6. Today
    7. Hello everyone! This challenge! I voted for Doom and Dungeon Crawler and I am really happy with the results of the poll. The main goal will be trying to create something with his own touch. For my last and first challenge I pretty much only tried to meet the basic requirements. This time I want to try to go a little bit further. Basics For this challenge, I want to try to get into 3D again. I actually tried to improve my Blender "skills" over the last couple of weeks. Since I was also excited for the Doom challenge I will also make this an FPS game trying to combine ideas I had for both challenges. I already started working on the main weapon. Sadly I don't have any screenshots on this laptop. The look of the models will be pretty basic since my ability to use Blender is still on a rookie level. Gameplay The game will take place in a high tech robot base that contains a lot of different rooms and hallways. If I have enough time these actually might dynamically change. The art style will be a shiny white look with simple mapping elements in order to keep things simple. The goal of the player is to find and open a portal that leads into the next level. In order to activate the portal, the player has to collect energy crystals that are scattered around each level. Enemies As enemies, I will try to create a couple of different robots that are trying to stop the player from opening the portal. These robots can either be destroyed or the player can try to sneak around them. Destroying these robots will allow the player to collect upgrades in order to improve the stats of the player's robot. Loot The main loot of the game will be the energy crystals which are needed in order to open the portal to the next level. Furthermore, enemies will drop a different sort of crystals that act as energy restoring functions of the robot or adding new abilities to his kit. There will also be other items like maps or stealth devices that help the player to get through each level. The energy of the robot will also be usable in order to purchase upgrades at rare upgrade stations which can be found once in each level. Audio This is a thing I am kinda worried about. Usually, I use a simple piece of software in order to create some retro sound effects very fast. Sadly I think these will not fit the style of this game. If this does not work I will either have to pick up some free sound effects, what I really don't like, or I will have to find a different way. Visual Art I kinda want to achieve a very "clean" and high-tech looking art style. This is kinda hard to explain without showing some visual references. I will talk more about this in my next posts. The reason for this is first, that I think this art style fits the game idea very well and second, that my Blender skills should be good enough to create some models in this style. Project Scope Completing this challenge in time will be pretty hard for me this time. First of all, I am going to try a lot of new stuff that I have not done before. Second, creating 3D Models takes a lot more time than creating simple 2D sprites, at least for me. I actually have a lot of ideas for this project. I kinda would like to implement procedurally generated levels. I don't think I will have enough time for this though. If I still have motivation left after the challenge is completed I might continue this project afterward! Sadly I can not show my current progress of the project since I can not access the project until I am back home on Thursday. Will try to make another post next weekend! Thanks for reading! Good look to everyone who is also going to join this challenge! - Znippy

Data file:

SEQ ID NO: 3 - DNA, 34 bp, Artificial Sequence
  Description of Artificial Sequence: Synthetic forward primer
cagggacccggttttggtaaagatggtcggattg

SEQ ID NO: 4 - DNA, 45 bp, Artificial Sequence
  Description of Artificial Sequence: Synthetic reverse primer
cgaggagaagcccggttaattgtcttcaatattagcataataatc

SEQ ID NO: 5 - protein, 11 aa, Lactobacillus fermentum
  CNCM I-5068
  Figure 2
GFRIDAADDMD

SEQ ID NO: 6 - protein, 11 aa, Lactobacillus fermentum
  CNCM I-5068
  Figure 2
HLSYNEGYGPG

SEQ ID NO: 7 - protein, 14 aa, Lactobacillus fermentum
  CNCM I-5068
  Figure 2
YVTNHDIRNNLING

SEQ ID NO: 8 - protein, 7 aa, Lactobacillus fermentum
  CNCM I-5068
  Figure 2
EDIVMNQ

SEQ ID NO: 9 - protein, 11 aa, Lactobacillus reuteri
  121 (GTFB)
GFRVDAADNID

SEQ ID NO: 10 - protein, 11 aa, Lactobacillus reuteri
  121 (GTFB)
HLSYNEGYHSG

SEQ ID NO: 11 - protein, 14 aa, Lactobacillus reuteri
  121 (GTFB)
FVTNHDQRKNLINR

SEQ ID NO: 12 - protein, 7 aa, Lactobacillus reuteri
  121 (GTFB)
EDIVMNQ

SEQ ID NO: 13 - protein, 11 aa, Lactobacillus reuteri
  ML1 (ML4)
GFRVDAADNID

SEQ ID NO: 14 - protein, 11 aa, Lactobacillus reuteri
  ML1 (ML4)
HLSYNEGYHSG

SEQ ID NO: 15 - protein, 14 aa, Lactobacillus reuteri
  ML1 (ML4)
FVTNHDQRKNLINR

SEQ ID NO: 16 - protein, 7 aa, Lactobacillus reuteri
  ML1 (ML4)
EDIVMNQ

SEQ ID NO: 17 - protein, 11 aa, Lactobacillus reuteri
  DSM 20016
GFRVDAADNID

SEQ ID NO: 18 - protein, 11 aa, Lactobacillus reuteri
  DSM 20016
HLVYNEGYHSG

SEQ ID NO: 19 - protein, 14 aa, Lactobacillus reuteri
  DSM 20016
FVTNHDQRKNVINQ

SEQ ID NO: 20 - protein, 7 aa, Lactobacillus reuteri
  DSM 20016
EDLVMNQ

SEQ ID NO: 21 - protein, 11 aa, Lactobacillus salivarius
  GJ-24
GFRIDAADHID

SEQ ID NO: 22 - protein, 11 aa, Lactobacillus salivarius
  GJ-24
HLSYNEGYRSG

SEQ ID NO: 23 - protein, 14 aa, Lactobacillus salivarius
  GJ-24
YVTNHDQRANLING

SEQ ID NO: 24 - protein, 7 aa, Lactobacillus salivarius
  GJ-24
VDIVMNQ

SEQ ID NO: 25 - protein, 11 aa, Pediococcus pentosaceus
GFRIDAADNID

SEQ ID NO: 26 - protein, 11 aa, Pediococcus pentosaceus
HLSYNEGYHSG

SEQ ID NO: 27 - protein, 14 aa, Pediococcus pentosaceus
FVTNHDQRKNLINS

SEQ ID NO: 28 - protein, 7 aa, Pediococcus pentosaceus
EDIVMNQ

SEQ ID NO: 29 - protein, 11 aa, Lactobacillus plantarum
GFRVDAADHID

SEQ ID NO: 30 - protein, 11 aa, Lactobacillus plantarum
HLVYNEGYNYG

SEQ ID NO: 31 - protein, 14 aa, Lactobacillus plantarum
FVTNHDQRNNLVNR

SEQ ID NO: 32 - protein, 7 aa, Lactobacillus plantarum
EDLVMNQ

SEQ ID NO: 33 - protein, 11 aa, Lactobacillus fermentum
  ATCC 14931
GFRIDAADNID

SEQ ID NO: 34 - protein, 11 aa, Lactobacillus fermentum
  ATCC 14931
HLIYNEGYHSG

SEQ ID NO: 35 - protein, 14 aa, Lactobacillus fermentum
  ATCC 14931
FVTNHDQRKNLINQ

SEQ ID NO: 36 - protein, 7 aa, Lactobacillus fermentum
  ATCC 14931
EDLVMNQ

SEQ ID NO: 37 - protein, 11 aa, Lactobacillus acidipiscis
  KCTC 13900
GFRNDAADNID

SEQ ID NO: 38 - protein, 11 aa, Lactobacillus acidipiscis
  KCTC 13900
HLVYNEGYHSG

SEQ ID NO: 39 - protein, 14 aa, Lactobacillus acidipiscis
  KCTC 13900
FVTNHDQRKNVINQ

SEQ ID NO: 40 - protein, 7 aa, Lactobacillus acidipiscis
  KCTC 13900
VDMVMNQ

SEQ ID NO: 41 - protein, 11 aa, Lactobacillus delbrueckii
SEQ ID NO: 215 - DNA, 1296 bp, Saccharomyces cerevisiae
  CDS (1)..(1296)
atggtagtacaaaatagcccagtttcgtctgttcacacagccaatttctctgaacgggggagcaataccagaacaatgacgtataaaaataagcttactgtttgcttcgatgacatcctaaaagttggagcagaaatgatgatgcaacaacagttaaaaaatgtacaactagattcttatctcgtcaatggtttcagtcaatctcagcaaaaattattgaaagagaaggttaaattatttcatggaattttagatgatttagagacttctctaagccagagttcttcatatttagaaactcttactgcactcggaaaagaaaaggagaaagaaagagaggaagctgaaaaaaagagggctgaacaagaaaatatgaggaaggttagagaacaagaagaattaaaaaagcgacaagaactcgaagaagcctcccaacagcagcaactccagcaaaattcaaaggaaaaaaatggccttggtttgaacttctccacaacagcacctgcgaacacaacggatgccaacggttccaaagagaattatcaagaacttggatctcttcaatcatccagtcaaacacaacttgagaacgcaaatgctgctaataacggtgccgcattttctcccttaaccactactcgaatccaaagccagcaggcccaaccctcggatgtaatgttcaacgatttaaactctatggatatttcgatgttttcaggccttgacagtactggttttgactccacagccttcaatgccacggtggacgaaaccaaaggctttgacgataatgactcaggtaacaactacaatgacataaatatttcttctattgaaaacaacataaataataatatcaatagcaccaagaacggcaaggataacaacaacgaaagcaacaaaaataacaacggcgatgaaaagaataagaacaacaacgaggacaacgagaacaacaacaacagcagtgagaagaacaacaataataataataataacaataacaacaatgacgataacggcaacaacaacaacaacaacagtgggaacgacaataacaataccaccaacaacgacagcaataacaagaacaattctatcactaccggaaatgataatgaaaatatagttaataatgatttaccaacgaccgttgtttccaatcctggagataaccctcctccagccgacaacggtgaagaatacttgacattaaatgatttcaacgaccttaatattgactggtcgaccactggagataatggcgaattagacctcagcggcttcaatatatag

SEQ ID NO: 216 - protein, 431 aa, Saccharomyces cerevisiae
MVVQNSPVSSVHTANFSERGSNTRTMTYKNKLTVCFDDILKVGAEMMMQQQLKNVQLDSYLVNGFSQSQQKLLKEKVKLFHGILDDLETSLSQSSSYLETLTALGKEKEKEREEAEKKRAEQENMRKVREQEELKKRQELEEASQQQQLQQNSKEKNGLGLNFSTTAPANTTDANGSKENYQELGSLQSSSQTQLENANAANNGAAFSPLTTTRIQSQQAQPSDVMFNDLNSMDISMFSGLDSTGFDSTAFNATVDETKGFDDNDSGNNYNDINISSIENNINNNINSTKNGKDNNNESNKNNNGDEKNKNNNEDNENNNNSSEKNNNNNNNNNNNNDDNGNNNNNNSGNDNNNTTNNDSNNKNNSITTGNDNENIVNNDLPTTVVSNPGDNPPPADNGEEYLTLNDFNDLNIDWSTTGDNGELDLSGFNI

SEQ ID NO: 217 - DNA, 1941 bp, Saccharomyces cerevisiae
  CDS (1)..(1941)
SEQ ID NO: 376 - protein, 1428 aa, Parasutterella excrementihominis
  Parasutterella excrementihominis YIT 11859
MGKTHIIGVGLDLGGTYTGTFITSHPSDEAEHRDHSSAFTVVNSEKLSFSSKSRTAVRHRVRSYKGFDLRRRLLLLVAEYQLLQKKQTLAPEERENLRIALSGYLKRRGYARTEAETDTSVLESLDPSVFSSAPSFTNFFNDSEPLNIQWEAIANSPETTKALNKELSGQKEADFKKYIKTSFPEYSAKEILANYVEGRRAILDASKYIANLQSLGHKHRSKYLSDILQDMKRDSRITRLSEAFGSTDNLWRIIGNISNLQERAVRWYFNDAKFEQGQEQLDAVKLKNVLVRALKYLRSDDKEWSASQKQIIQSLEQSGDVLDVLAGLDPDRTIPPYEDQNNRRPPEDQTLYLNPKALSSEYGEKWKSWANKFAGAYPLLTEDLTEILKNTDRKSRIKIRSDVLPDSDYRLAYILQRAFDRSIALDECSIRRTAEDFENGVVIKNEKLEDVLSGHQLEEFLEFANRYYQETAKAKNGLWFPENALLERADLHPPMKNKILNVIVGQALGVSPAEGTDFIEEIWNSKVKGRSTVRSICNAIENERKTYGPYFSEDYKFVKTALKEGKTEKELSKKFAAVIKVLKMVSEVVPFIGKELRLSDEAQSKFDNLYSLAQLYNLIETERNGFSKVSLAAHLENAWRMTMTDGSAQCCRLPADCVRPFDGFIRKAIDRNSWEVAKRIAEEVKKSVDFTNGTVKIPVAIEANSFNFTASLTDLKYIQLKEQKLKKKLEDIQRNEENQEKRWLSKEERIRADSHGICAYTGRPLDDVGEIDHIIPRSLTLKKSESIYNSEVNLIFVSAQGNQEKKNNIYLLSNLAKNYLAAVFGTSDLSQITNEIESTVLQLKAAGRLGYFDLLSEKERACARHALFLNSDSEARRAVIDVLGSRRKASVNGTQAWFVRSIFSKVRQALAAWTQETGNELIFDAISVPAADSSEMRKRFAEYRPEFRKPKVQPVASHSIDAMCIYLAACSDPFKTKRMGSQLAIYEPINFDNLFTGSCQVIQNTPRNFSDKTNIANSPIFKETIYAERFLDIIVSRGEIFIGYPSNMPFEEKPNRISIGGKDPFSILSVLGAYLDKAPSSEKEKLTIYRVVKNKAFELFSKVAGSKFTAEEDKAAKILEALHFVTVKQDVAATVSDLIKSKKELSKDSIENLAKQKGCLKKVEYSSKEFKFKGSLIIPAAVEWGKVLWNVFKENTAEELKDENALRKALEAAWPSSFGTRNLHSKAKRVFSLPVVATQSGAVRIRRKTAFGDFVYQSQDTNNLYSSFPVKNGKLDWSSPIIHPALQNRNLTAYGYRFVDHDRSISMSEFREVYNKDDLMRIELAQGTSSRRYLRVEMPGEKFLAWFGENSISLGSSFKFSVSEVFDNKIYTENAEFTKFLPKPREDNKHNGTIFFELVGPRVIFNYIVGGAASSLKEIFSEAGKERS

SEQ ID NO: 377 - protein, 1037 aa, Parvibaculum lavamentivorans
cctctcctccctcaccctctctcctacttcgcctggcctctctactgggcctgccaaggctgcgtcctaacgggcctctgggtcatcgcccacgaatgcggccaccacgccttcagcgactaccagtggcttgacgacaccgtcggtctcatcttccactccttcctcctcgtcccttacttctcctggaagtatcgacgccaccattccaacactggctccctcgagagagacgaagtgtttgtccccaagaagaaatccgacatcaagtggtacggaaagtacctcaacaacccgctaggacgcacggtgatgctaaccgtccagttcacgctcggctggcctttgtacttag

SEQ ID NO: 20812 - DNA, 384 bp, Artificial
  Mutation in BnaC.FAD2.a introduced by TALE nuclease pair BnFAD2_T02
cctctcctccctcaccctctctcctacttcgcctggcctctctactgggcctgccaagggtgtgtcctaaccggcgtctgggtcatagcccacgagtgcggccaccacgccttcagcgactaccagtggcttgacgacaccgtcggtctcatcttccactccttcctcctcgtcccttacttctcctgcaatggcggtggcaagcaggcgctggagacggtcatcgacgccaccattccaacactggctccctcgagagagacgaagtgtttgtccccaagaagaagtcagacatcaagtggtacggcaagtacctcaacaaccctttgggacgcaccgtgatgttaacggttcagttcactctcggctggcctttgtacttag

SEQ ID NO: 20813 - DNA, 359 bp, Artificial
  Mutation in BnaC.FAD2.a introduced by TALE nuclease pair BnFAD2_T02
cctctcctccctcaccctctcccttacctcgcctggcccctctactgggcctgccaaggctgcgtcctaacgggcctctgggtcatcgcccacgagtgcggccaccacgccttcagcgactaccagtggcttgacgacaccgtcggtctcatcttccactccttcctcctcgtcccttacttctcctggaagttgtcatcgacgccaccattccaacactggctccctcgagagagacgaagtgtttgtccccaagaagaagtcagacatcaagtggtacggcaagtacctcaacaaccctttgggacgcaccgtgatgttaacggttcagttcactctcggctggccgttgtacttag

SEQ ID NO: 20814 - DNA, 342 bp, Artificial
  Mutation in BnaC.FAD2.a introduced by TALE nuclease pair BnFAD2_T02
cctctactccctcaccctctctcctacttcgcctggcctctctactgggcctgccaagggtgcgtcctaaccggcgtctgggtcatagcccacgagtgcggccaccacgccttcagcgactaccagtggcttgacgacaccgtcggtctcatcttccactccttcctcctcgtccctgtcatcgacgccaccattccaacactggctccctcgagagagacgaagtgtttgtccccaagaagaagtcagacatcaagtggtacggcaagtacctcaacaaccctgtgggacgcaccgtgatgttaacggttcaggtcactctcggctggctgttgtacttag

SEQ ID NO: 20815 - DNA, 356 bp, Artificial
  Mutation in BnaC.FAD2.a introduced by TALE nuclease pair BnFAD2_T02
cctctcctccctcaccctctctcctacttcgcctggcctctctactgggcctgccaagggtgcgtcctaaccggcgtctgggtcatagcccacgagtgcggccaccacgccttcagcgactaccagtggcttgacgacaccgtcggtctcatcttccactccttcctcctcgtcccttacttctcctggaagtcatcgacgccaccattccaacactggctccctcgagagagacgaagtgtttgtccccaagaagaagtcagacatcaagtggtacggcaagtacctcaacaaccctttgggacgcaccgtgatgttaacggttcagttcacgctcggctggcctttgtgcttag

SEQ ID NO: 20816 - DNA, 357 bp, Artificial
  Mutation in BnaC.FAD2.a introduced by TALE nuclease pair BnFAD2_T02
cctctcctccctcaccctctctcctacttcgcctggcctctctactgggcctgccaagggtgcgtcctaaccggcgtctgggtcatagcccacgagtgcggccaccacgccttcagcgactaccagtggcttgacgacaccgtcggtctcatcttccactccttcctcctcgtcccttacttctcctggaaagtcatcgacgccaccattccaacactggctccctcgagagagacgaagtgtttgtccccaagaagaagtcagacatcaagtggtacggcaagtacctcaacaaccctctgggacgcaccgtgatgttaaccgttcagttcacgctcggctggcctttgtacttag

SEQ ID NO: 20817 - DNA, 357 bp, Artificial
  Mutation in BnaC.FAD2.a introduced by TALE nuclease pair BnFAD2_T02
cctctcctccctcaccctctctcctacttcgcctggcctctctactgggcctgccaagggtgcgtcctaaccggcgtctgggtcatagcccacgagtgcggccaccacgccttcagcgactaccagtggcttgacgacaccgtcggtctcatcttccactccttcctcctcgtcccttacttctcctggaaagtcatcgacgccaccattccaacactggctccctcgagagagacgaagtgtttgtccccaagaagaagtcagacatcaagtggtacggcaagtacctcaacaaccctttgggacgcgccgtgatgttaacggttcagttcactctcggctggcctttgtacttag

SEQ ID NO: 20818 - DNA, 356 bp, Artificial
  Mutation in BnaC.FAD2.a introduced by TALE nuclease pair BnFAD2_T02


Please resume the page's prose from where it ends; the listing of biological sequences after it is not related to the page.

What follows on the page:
8. Bump! Still looking for people!
    9. VirviVR

      To prototype or not to prototype?

      I think prototype